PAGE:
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Christopher Fraizer
Financial

Many of you may be caught up in the swirl of the Republican primaries. And as with many other things that swirl, such as carnival rides, you may be feeling nauseated. One of the big headlines has centered on how much tax Mitt Romney is paying in Federal income tax. Why is Mitt Romney only paying around 15 percent? In order to understand this, you need to know the difference between ordinary income and capital gain income, because they are taxed differently.

First, ordinary income is income you receive from wages (your W-2), commissions, self-employment and bonuses. read more »

 

Don’t worry; the IRS isn’t going know about your Viagra purchases from Canada or your strange fascination with collecting Michael Jackson look-alike clothing. The IRS is concerned with any income you may be receiving as a business from a credit card sales. OK, now that we clarified that one, breathe easy and read on.

This next paragraph is more of a confession. Every time I go to the mailbox and see a piece of mail from a credit card company, only one thing comes to mind: Rip it up and feed it to the recycle bin. Perhaps it is instinct, perhaps I have been conditioned to this response, like Pavlov’s dogs, by years of disappointing unsolicited credit card offers. Who knows? Getting unsolicited offers from the credit cards happens (unfortunately for me) almost every day. read more »

 
Wealth And Estate Planning

Imagine to yourself the following situation: The real estate market is in the toilet and the stock market is performing poorly (that wasn’t hard to do was it?). So you think to yourself “when prices are low it is a great time to buy.” You begin dreaming late at night about buying real estate, being a landlord and then when this market turns around you will sell your dirt cheap properties for a hefty profit.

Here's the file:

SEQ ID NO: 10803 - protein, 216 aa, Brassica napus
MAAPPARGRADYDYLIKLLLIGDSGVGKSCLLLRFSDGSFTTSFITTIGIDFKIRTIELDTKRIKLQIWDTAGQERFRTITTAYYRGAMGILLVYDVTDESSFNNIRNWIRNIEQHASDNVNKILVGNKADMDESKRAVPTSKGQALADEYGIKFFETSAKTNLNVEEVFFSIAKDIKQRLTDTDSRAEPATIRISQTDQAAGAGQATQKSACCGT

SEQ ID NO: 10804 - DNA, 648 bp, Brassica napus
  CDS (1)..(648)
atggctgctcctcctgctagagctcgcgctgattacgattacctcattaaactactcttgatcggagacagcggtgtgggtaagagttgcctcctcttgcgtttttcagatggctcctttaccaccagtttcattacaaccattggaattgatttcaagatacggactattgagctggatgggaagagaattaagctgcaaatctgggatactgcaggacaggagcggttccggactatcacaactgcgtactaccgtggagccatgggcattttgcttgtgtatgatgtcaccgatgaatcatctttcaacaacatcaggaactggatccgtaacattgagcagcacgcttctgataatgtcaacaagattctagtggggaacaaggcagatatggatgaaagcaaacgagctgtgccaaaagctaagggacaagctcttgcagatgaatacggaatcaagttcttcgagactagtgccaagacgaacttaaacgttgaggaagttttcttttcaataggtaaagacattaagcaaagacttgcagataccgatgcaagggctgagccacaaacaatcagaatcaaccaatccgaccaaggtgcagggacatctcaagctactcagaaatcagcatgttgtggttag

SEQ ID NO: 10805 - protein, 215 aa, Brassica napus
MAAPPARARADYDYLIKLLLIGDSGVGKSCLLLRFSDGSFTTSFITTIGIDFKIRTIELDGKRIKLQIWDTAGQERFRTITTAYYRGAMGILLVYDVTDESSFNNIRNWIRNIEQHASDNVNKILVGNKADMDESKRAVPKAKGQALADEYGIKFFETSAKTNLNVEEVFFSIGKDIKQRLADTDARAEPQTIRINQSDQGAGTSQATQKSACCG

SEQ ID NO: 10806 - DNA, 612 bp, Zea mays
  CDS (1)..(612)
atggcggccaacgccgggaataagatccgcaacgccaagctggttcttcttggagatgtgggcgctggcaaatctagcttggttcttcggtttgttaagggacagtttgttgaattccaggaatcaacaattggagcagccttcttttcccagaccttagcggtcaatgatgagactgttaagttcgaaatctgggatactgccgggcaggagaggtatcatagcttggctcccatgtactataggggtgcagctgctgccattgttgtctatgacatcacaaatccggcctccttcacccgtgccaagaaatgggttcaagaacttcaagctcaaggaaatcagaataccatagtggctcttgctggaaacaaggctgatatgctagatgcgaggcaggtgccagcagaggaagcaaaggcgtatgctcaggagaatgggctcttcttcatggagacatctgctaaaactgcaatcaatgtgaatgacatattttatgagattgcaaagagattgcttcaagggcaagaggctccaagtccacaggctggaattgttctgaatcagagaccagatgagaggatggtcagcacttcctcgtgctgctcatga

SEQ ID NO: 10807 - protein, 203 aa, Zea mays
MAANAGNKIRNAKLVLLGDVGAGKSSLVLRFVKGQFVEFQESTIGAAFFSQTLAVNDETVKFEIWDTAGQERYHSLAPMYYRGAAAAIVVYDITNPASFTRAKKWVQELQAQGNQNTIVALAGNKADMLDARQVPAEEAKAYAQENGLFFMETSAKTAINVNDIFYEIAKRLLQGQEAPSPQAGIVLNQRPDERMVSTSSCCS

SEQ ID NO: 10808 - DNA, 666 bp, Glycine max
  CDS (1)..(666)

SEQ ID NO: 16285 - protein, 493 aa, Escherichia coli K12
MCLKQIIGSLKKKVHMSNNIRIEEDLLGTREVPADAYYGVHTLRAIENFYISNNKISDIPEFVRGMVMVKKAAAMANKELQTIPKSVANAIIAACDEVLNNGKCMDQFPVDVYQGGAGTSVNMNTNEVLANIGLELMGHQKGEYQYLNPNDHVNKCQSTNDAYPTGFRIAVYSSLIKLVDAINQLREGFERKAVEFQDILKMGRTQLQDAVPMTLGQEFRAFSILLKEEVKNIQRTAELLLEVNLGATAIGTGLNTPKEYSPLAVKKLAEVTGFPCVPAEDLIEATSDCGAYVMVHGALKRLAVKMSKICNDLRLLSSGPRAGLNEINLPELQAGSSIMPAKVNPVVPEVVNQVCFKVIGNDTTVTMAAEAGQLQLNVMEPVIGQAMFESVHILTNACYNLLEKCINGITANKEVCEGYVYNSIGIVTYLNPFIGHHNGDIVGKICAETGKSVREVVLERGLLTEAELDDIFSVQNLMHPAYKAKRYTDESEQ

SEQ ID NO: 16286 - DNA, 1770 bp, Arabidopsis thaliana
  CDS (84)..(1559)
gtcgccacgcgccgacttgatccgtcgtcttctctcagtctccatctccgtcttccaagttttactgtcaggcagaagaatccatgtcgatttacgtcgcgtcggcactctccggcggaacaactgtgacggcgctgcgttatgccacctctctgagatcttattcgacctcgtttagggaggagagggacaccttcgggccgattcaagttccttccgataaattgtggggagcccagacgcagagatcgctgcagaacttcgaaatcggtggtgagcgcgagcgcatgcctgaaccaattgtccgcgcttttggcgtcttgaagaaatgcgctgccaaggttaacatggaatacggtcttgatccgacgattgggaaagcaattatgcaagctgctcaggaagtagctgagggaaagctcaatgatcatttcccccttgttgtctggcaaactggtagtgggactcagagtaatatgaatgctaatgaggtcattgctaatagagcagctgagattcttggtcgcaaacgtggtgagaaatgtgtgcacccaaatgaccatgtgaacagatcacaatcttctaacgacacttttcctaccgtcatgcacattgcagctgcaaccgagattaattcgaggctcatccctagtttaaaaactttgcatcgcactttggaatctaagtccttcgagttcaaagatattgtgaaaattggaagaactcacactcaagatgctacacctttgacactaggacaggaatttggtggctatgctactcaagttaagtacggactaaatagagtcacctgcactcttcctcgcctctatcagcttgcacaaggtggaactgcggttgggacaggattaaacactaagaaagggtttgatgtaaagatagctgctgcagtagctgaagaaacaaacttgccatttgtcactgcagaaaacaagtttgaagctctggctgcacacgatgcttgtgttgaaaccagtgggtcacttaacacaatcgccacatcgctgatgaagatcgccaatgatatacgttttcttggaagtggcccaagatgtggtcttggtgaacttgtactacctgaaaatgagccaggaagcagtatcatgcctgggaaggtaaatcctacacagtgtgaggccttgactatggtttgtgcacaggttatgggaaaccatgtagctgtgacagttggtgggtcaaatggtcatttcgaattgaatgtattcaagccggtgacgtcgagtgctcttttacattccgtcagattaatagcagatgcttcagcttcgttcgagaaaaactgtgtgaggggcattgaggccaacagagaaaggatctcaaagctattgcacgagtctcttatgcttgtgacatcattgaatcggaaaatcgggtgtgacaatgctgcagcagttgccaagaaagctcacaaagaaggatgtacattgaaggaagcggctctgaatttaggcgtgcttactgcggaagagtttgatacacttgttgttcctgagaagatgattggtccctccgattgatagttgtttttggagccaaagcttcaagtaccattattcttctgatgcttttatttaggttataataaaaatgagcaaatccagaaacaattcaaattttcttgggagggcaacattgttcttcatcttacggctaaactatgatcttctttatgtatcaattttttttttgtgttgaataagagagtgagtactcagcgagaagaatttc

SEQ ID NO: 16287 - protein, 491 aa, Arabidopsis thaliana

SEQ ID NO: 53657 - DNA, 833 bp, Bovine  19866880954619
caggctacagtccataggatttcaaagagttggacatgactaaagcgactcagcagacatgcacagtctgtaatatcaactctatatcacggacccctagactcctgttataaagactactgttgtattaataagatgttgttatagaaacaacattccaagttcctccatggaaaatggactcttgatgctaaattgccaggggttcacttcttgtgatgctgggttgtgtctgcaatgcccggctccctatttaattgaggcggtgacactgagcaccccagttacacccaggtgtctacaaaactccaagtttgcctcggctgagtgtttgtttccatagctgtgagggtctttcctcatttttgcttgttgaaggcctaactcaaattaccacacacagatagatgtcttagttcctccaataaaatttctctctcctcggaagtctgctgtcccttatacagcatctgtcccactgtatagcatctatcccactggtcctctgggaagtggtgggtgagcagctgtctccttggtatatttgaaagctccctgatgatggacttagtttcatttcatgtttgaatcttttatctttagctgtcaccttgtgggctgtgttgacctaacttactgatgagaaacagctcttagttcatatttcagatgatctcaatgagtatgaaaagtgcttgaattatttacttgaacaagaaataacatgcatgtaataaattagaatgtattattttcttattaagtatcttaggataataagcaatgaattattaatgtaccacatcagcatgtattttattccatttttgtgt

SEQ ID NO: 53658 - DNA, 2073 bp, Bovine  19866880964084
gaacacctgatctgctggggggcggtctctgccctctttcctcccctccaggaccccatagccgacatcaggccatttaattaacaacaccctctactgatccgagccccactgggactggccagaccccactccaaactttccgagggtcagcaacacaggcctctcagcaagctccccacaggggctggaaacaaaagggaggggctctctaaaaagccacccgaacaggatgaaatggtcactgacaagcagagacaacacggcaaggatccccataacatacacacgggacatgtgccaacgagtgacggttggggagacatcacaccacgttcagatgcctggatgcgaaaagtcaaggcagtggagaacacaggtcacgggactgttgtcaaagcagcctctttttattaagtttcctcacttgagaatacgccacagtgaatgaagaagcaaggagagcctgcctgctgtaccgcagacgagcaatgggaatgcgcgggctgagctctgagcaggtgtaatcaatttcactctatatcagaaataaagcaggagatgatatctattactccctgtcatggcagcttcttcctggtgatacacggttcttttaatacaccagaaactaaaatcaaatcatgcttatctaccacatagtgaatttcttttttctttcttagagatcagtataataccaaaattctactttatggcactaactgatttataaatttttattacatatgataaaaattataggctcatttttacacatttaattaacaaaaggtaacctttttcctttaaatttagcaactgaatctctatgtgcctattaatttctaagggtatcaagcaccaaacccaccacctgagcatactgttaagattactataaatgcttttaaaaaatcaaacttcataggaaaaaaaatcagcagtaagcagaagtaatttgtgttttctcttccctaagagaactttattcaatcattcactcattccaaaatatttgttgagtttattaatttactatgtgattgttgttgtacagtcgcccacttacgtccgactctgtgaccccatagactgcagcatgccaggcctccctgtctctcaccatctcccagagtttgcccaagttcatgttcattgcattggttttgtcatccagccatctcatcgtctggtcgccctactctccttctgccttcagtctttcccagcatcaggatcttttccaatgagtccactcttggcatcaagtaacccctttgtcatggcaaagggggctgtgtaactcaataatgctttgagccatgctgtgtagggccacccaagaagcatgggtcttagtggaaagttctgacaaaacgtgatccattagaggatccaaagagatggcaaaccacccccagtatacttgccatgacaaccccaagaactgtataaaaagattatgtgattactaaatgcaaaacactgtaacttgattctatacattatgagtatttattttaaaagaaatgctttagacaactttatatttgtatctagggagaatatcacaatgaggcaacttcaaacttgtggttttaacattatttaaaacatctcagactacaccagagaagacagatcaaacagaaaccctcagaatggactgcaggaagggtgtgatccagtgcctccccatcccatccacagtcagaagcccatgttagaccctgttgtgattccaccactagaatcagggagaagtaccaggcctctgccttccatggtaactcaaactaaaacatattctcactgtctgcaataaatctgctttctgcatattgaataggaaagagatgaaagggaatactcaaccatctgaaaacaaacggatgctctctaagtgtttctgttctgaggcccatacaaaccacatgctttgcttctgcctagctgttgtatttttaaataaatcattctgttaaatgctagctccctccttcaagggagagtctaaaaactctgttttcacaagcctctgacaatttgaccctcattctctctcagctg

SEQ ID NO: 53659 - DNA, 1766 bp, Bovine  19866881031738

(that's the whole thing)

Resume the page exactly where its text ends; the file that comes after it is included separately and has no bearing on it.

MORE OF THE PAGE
So you stay up late at night indulging in beverages that contain too much sleep inhibiting chemicals trying to hatch a plan to fund your new real estate empire. Banks are a hassle these days (again not hard to imagine). So it hits you like a ton of bricks: “I will use my IRA to buy the property!” read more »

 

Just like a scene from the Wizard of Oz, the last few years of turmoil in the real estate market seem more fictional than real. Many taxpayers have lost their homes or investment properties to foreclosure or short sales. As I meet with clients who have lost homes, I often get the BIG question: “Do I have to pay taxes on the money that was written off by the bank?”

In case you didn’t know, the IRS considers forgiveness of debt a taxable event and requires a lender to send a 1099-C to the taxpayer in affect giving them taxable income. read more »

 
Building Wealth

It’s no secret that the IRS is always trying to increase tax compliance. However, this year (thankfully) it is not doing so by increasing the number of audits for ordinary taxpayers like you and me. This time the IRS is making an effort to clean up the vast pool of tax preparers. Over the next few years there will be clear limits on who can prepare a tax return for compensation (you can still do your own).

On Aug. 19, the IRS issued proposed regulations to register and regulate tax return preparers. The proposed regulations would implement a plan to register and assign a PTIN (Preparer Tax Identification Number) to all paid tax preparers who will file tax returns for the year 2011 and thereafter. read more »

 
Financial

As part of closing the state budget deficit, our legislature has decided to tax a food item that has long been exempt: candy. Additional taxes have also been applied to gum, soda pop, and bottled water, and taxes are being raised again on beer and cigarettes. The recent tax hike on candy may not be as simple as it may seem at first glance. If your business sells candy, you need to be aware of which items are classified as taxable “candy.” read more »

 
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